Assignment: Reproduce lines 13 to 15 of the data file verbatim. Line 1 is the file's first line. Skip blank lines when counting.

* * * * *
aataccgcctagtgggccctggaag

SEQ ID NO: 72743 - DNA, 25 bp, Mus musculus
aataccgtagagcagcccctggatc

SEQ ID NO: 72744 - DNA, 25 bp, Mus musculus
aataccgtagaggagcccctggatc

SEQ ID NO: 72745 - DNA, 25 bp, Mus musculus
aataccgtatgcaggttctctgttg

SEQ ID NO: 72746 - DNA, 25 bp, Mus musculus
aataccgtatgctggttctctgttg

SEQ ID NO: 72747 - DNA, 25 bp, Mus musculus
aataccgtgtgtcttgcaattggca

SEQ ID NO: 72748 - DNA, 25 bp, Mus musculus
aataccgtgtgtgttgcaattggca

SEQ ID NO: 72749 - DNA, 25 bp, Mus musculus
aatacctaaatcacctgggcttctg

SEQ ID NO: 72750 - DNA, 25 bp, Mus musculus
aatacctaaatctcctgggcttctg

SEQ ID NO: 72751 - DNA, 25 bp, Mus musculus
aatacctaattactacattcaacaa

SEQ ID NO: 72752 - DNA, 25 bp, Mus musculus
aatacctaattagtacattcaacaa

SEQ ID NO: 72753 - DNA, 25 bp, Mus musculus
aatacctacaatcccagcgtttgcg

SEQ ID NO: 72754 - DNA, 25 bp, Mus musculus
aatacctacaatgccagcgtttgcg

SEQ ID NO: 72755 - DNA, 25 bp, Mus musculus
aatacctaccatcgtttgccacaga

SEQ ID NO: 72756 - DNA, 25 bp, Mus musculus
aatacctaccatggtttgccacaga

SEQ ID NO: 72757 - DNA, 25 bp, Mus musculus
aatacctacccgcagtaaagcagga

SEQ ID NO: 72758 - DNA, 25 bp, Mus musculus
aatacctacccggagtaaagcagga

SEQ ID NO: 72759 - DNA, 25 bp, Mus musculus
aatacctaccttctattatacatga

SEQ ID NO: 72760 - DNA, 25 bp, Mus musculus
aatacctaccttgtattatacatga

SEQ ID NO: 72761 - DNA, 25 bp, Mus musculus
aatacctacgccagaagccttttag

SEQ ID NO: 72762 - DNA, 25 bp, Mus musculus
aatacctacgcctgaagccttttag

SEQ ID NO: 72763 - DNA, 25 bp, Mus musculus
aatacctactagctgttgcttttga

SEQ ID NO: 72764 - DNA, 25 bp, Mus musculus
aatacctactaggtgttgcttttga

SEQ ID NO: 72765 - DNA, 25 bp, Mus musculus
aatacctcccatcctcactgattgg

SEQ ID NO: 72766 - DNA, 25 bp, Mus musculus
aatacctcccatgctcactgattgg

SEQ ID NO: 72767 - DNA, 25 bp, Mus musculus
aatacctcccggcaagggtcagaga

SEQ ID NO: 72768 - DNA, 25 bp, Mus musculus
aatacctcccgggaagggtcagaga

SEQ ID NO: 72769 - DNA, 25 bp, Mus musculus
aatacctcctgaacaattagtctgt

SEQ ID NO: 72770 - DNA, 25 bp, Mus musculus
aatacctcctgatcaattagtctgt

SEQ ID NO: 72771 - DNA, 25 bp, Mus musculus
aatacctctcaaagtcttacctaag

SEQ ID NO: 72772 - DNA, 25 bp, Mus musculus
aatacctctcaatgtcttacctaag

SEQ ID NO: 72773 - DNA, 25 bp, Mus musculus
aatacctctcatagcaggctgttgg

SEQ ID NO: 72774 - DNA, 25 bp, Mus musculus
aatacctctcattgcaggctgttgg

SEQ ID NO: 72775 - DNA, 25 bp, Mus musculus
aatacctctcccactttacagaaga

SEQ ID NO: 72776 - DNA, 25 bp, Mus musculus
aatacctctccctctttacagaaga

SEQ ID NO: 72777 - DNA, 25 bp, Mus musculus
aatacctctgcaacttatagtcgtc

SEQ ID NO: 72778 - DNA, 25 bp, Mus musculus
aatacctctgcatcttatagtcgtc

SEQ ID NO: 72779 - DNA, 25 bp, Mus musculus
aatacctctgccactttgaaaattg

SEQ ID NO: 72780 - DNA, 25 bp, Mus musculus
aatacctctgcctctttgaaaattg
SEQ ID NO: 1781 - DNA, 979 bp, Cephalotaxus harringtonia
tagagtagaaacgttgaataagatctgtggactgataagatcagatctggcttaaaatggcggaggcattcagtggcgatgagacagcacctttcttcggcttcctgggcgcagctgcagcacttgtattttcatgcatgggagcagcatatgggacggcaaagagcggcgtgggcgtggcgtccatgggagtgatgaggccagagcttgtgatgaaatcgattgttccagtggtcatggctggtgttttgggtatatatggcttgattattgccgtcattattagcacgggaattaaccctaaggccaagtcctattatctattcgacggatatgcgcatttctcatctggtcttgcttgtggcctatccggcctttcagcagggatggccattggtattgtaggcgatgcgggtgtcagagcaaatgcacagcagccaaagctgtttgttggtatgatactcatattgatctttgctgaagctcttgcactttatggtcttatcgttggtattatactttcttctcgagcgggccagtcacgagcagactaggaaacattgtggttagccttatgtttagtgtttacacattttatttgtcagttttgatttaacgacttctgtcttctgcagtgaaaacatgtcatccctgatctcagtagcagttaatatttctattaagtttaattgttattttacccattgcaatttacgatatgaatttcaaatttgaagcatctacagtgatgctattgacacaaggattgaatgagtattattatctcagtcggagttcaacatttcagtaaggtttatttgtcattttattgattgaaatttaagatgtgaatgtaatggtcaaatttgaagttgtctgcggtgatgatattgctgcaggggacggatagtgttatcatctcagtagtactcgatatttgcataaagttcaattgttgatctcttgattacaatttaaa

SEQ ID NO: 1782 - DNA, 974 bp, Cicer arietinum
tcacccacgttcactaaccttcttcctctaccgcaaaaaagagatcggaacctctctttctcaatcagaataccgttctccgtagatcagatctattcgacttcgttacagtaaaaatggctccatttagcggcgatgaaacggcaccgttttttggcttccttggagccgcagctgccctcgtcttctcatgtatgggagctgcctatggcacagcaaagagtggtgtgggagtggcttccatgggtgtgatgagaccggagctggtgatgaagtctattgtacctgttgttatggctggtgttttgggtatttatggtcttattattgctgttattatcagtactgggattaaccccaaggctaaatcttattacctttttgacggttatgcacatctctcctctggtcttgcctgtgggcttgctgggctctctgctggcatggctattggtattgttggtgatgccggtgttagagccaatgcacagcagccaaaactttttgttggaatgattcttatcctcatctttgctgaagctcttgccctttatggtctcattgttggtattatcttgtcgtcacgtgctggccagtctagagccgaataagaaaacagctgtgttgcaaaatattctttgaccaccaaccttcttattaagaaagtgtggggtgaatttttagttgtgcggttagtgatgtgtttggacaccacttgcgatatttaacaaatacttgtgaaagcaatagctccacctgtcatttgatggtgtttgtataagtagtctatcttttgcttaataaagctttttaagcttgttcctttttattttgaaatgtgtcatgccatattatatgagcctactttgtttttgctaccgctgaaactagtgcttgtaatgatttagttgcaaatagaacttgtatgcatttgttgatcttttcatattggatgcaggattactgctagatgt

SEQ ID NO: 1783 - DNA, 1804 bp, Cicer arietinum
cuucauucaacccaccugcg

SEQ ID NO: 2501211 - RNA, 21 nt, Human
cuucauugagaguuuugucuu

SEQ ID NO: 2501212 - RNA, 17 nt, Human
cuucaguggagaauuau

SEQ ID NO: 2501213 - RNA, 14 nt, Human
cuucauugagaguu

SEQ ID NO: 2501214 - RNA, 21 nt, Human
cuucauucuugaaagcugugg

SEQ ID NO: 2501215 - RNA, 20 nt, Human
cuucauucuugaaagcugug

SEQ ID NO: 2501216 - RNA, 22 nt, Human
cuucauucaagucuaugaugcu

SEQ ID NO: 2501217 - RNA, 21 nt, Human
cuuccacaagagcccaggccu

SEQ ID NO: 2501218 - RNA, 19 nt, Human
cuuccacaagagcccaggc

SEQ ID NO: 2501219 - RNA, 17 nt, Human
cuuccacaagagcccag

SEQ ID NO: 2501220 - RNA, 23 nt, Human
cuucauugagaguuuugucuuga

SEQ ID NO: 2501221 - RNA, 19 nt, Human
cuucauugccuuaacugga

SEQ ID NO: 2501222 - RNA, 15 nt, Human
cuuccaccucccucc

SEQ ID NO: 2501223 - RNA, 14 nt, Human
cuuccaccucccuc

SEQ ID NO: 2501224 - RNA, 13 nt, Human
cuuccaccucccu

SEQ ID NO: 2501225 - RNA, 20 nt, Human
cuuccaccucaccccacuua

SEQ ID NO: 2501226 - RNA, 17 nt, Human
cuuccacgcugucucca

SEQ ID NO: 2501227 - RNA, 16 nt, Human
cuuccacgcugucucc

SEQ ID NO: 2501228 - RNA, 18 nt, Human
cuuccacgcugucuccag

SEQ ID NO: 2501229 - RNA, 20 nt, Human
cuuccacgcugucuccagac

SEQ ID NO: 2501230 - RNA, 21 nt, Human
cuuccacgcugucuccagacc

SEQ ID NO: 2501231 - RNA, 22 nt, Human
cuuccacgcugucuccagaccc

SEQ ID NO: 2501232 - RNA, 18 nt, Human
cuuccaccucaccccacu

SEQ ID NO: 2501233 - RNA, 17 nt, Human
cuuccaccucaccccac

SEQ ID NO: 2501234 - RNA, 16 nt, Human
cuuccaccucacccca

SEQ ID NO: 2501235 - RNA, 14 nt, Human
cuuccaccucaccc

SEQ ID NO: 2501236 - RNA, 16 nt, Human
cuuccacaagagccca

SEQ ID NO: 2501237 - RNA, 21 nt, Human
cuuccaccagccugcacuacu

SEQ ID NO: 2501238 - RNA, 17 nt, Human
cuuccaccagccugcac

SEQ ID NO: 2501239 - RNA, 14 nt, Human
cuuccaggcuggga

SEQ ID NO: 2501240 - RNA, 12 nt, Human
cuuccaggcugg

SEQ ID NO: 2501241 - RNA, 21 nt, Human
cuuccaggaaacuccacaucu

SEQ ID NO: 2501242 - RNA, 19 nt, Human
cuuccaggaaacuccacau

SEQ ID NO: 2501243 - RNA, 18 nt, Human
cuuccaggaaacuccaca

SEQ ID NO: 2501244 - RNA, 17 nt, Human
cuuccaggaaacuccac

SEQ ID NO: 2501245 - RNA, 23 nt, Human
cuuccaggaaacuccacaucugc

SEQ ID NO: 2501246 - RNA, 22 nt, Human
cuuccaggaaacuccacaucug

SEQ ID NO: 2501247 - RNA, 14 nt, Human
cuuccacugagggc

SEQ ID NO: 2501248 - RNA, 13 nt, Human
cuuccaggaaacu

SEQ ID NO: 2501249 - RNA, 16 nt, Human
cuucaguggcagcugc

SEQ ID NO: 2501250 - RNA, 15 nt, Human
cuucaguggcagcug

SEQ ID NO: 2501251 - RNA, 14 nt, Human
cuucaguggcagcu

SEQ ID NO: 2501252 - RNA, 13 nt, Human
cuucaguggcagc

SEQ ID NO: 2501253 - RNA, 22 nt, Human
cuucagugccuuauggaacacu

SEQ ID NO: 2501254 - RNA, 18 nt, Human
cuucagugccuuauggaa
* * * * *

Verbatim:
aataccgtgtgtgttgcaattggca

SEQ ID NO: 72749 - DNA, 25 bp, Mus musculus
aatacctaaatcacctgggcttctg